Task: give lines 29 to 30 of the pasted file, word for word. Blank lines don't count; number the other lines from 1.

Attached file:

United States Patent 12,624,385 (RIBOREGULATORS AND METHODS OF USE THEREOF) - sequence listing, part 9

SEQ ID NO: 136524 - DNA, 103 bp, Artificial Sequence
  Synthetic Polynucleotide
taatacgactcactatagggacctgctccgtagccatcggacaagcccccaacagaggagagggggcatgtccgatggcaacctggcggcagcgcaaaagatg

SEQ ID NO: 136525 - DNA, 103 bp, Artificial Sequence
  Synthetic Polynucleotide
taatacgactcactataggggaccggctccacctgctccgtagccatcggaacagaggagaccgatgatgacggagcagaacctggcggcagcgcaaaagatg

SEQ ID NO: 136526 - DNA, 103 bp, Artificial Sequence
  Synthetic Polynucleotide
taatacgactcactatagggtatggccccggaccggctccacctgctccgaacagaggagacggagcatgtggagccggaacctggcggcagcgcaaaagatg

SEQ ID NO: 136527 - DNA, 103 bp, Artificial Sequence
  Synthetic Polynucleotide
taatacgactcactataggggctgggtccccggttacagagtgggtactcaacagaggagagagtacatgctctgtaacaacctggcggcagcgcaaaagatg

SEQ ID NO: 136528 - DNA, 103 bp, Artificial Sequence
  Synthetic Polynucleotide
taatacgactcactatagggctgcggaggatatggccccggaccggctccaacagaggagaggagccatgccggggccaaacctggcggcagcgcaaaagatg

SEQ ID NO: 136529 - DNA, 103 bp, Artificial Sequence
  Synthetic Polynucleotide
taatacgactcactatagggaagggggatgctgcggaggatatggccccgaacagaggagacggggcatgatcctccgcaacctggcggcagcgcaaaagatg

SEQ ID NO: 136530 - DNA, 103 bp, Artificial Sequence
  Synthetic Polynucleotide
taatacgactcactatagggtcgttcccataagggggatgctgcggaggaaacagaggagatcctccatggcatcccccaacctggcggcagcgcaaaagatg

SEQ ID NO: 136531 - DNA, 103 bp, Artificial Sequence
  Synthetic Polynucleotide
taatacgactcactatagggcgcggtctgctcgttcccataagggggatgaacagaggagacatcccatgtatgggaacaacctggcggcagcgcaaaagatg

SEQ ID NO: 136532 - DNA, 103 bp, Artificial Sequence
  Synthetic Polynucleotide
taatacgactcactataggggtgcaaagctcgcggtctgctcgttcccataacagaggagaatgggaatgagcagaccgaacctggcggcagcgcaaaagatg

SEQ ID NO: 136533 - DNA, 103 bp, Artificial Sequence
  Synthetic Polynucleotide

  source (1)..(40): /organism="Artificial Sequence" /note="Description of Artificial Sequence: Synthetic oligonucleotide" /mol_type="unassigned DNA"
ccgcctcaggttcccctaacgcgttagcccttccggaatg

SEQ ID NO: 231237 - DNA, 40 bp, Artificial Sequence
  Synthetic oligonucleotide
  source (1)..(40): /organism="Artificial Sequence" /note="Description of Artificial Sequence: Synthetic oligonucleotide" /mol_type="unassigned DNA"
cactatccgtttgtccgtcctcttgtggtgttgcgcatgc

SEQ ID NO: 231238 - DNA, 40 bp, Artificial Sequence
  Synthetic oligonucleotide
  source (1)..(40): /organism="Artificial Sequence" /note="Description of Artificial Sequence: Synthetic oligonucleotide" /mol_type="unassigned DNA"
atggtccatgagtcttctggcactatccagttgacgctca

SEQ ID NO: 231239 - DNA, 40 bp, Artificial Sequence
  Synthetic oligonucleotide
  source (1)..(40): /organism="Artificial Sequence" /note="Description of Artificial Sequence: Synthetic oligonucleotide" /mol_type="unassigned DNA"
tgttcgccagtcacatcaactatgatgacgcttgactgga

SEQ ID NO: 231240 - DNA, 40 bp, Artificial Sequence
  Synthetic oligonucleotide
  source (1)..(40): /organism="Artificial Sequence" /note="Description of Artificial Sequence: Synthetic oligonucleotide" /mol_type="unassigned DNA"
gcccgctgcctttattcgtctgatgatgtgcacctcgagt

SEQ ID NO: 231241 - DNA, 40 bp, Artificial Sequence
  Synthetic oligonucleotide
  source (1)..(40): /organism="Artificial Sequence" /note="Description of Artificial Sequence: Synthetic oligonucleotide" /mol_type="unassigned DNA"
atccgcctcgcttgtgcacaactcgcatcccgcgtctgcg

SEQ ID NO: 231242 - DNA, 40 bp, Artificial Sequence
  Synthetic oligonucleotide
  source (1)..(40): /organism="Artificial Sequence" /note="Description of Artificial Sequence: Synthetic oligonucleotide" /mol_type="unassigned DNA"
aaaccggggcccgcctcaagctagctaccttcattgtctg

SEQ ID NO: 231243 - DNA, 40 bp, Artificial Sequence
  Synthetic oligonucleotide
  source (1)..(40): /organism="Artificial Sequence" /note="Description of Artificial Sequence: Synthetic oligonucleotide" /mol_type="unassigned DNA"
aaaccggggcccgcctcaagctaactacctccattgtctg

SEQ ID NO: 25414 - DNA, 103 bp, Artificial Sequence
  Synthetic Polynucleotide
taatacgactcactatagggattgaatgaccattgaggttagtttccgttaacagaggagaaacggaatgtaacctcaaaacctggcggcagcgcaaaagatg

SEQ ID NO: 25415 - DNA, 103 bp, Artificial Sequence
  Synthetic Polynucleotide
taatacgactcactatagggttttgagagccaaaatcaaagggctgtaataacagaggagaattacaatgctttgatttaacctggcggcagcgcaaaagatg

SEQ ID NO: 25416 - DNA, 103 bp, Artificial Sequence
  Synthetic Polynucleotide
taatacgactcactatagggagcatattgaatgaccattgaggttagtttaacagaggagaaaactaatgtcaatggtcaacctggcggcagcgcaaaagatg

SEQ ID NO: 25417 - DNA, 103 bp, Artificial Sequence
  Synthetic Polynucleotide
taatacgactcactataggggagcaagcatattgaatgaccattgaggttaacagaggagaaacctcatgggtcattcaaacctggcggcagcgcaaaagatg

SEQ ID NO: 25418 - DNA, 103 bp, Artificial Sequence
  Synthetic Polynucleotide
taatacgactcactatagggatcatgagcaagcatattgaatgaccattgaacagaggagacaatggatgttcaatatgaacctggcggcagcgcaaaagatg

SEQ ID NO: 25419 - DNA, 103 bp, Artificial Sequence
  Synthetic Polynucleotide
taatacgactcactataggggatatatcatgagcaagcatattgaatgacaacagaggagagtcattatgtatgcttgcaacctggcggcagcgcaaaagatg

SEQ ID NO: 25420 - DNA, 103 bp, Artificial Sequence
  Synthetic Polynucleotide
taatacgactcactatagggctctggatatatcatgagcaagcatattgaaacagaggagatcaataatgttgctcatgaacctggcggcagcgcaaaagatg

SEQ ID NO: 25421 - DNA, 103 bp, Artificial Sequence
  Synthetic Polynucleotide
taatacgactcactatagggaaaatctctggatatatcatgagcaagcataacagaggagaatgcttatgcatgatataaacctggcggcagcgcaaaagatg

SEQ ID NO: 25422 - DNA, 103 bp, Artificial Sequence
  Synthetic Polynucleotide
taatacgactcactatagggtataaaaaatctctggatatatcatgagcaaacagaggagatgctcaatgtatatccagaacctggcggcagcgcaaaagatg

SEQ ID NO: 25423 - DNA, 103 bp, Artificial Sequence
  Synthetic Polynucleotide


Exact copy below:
SEQ ID NO: 136533 - DNA, 103 bp, Artificial Sequence
  Synthetic Polynucleotide